Spring Budget 2021- highlights for SME’s

By 03.24.22June 2nd, 2022No Comments

Wednesday’s highly anticipated Spring Budget placed a heavy emphasis on helping businesses get back on their feet as the economy looks to recover from the damaging effects of Covid-19.

Key takeaways from the Chancellor’s announcement included:

  • The Job Retention Scheme commonly known as the Furlough Scheme has been extended until 30 September

  • Self-Employment Income Support Scheme (SEISS) – there will now be a fourth grant which runs from Feb 2021 to April 2021 and a fifth one from May to September. Anyone who completed their 2019/20 tax return by midnight on 2nd March 2021, will now be eligible for the SEISS. This will help a further 600,000 self-employed workers.

  • A £5bn boost for high street shops and the hospitality sector through restart grants up to £18k per business premises.

  • Business Rates – the 12-month business rate holiday for the retail, hospitality and leisure sectors, estimated at over 750,000 businesses has been extended to 30 June 2021.From July 2021 until April 2022, a reduced rate will be introduced.

  • VAT in the hospitality sector – the current reduced rate of 5% will be extended until 30 September after which a special rate of 12.5% will prevail until 31 March 2022.

  • Community Ownership Fund – a £150m fund to help local communities purchase or take over community assets such as pubs, sports clubs, theatres, music venues and post offices at risk of permanent closure. Community groups will be able to bid for up to £250k matched funding.

  • £700m Extra funding for Arts, Culture and Sport

  • Help to Grow Scheme – a new £520m scheme to assist SME owners with the training and support to grow their businesses which is essentially made up of two parts:

  • Help to Grow Management – 000’s of business owners will be eligible for a subsidised( 90%) MBA style management training and mentoring in a 12 week course.

  • Help to Grow Digital – provides free, expert advice and discounts of up to 50% ( worth up to £5k each) on productivity enhancing software and digital transformation to help SME’s grow.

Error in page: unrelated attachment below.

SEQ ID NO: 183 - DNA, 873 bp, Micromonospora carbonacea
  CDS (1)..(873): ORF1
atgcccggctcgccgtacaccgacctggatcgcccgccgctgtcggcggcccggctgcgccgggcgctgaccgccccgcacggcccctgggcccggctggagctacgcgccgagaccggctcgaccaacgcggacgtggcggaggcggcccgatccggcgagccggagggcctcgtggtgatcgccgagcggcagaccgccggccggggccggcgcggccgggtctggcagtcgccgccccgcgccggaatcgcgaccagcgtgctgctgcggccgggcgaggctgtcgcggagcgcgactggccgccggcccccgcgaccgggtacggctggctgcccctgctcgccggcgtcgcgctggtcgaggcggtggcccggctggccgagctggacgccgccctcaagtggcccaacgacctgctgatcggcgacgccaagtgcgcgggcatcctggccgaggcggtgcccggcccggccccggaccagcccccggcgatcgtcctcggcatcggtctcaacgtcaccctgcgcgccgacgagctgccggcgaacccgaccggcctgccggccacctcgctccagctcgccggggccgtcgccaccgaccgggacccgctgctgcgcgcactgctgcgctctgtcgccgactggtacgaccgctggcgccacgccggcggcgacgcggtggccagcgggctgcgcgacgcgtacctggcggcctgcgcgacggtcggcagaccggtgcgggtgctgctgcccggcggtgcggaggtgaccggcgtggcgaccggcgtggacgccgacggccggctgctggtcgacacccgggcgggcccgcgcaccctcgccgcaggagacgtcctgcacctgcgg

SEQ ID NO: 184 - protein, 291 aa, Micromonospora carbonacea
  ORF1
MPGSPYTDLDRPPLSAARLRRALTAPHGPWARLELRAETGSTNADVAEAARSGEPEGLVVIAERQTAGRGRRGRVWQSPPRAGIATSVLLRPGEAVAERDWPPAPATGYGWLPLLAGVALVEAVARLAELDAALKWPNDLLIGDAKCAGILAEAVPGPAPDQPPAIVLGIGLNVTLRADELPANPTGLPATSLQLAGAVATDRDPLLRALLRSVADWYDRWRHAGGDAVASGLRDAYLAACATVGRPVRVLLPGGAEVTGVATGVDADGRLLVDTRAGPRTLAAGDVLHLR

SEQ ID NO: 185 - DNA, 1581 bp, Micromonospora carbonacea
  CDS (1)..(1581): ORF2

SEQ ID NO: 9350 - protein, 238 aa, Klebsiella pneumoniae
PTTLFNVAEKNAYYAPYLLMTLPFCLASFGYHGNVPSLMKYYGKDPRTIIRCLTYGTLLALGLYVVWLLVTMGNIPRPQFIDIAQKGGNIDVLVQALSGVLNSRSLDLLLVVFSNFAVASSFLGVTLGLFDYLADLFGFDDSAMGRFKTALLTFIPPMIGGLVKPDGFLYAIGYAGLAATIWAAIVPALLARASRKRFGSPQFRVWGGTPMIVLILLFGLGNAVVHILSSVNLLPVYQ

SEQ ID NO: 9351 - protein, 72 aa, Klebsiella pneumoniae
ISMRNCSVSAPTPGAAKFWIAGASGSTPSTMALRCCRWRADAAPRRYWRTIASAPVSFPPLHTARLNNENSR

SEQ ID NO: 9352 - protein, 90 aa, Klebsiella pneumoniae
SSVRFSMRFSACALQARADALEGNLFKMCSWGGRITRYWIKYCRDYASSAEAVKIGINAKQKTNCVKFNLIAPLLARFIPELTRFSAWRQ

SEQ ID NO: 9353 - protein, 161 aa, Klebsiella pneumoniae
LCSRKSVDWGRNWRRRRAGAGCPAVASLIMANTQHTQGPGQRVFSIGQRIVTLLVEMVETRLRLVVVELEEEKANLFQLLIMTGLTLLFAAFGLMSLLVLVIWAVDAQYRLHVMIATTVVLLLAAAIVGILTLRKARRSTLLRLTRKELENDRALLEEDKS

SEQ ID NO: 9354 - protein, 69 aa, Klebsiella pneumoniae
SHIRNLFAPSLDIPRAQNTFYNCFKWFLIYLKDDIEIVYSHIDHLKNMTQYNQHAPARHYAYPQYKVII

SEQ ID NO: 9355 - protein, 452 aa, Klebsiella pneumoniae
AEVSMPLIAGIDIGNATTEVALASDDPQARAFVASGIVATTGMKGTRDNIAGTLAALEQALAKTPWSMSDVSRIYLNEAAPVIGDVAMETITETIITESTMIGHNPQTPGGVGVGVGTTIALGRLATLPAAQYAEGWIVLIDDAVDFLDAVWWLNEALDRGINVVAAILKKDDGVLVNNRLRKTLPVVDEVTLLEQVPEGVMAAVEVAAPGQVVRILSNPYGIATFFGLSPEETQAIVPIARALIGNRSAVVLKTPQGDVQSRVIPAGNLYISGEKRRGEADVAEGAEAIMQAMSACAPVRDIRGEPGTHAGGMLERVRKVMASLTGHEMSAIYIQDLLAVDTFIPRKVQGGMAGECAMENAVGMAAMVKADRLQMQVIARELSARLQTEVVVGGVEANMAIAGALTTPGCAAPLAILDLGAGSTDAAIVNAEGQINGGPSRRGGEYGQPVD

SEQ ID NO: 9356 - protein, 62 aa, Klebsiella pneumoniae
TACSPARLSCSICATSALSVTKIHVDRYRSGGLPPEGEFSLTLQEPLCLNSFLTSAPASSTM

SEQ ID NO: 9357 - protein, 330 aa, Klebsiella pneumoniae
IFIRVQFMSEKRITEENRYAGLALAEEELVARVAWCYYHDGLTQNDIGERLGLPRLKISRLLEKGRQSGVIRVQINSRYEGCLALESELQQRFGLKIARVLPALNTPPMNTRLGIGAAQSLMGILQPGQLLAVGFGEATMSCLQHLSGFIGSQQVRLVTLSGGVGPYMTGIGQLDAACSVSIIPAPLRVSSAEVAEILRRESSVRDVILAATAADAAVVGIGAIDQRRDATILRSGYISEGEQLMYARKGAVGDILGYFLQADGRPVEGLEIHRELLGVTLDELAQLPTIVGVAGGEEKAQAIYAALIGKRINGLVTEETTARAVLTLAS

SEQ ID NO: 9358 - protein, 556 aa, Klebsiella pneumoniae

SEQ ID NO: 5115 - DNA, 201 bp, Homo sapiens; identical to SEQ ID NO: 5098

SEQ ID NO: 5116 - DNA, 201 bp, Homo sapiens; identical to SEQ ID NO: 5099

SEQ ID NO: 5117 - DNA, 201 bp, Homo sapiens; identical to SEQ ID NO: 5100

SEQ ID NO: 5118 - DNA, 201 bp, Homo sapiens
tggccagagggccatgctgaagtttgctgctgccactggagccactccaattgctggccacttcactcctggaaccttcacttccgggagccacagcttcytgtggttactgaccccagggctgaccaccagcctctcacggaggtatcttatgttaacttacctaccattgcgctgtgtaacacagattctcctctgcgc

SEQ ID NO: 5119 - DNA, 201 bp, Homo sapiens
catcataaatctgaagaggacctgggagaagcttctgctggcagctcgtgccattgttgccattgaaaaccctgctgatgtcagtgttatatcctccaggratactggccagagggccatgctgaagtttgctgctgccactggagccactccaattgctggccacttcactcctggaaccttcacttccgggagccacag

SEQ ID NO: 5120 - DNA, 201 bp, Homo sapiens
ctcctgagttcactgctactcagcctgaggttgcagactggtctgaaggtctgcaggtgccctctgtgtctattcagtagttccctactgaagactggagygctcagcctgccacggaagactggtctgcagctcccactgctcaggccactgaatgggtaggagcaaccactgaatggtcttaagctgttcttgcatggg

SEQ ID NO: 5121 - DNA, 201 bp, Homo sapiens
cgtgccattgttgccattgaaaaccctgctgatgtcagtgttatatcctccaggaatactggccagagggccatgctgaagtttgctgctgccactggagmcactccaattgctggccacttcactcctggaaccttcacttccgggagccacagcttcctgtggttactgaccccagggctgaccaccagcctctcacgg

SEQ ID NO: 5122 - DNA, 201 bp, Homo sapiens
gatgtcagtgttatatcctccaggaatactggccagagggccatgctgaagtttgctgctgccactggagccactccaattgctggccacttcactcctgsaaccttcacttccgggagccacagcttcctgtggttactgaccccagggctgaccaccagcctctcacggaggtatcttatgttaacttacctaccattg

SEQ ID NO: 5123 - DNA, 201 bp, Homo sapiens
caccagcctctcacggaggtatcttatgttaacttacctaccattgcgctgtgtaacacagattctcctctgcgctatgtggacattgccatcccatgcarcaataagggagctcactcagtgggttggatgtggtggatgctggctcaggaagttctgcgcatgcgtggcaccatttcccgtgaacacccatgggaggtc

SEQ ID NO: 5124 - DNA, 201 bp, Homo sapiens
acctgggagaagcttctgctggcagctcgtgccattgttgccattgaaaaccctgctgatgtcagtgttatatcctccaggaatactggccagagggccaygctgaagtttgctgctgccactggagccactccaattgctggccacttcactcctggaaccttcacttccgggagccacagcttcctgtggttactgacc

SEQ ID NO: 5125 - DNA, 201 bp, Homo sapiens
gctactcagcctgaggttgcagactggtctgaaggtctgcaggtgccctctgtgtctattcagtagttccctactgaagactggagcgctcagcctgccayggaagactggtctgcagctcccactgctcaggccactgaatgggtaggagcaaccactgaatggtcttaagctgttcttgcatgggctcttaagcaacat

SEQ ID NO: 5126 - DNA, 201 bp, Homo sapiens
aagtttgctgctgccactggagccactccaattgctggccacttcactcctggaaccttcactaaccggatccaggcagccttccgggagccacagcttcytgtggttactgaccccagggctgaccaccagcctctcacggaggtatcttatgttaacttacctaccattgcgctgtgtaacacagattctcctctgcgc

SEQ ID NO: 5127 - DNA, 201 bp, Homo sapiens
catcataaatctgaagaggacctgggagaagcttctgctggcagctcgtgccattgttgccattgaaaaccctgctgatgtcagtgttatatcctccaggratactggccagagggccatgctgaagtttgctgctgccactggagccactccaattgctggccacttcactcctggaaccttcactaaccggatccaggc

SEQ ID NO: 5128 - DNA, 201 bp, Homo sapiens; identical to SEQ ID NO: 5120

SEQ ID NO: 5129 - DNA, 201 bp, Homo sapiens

• Boost to Traineeships Scheme – this scheme is designed to encourage employers to give young people work placements and vital business industry experience. Businesses that take on apprenticeships between April and September are eligible for a £3k sum regardless of age. A further “flexi-job” or portable apprenticeship initiative (£7m) is designed to give trainees the opportunity to have multiple placements with different employers within a certain industry.

  • Business Investment – The “Super Deduction” – for two years businesses will be able to reduce their tax bill by up to 130% when they invest in the right kind of new equipment, plant and machinery.

  • Recovery Loan Scheme – with the CBIL and BBLS initiatives set to end in March , from the start of the new financial year on 6th April lenders will be given government guarantees of 80% on loans to businesses of any size of between £25k and £10m through to the end of 2021. Companies that have previously received a Covid-19 loan will be eligible for additional finance under this replacement scheme.

In terms of having the means to pay for these measures the Government has announced :

  • Lower rate income tax threshold will rise to £12750 from next year but will remain frozen thereafter until 2026.

  • Similarly the higher rate tax threshold will rise to £50,270 but will remain frozen thereafter until 2026.

  • As widely reported , Corporation Tax currently standing at 19% will rise to 25% from April 2023. However the smallest businesses will be unaffected and only those companies with annual profits in excess of £250k will pay this full rate. Firms with profits less than £50k will remain on 19% while the rate will rise gradually for companies from 19% to 25% on profits between £50k and £250k.

With the Office of Budget Responsibility (OBR) predicting that the economy will return to its pre-pandemic levels by the middle of 2022, six months earlier than previously thought, the Chancellor’s budget was stated as “meeting the moment with a three-part plan to protect the jobs and livelihood of the British people.”

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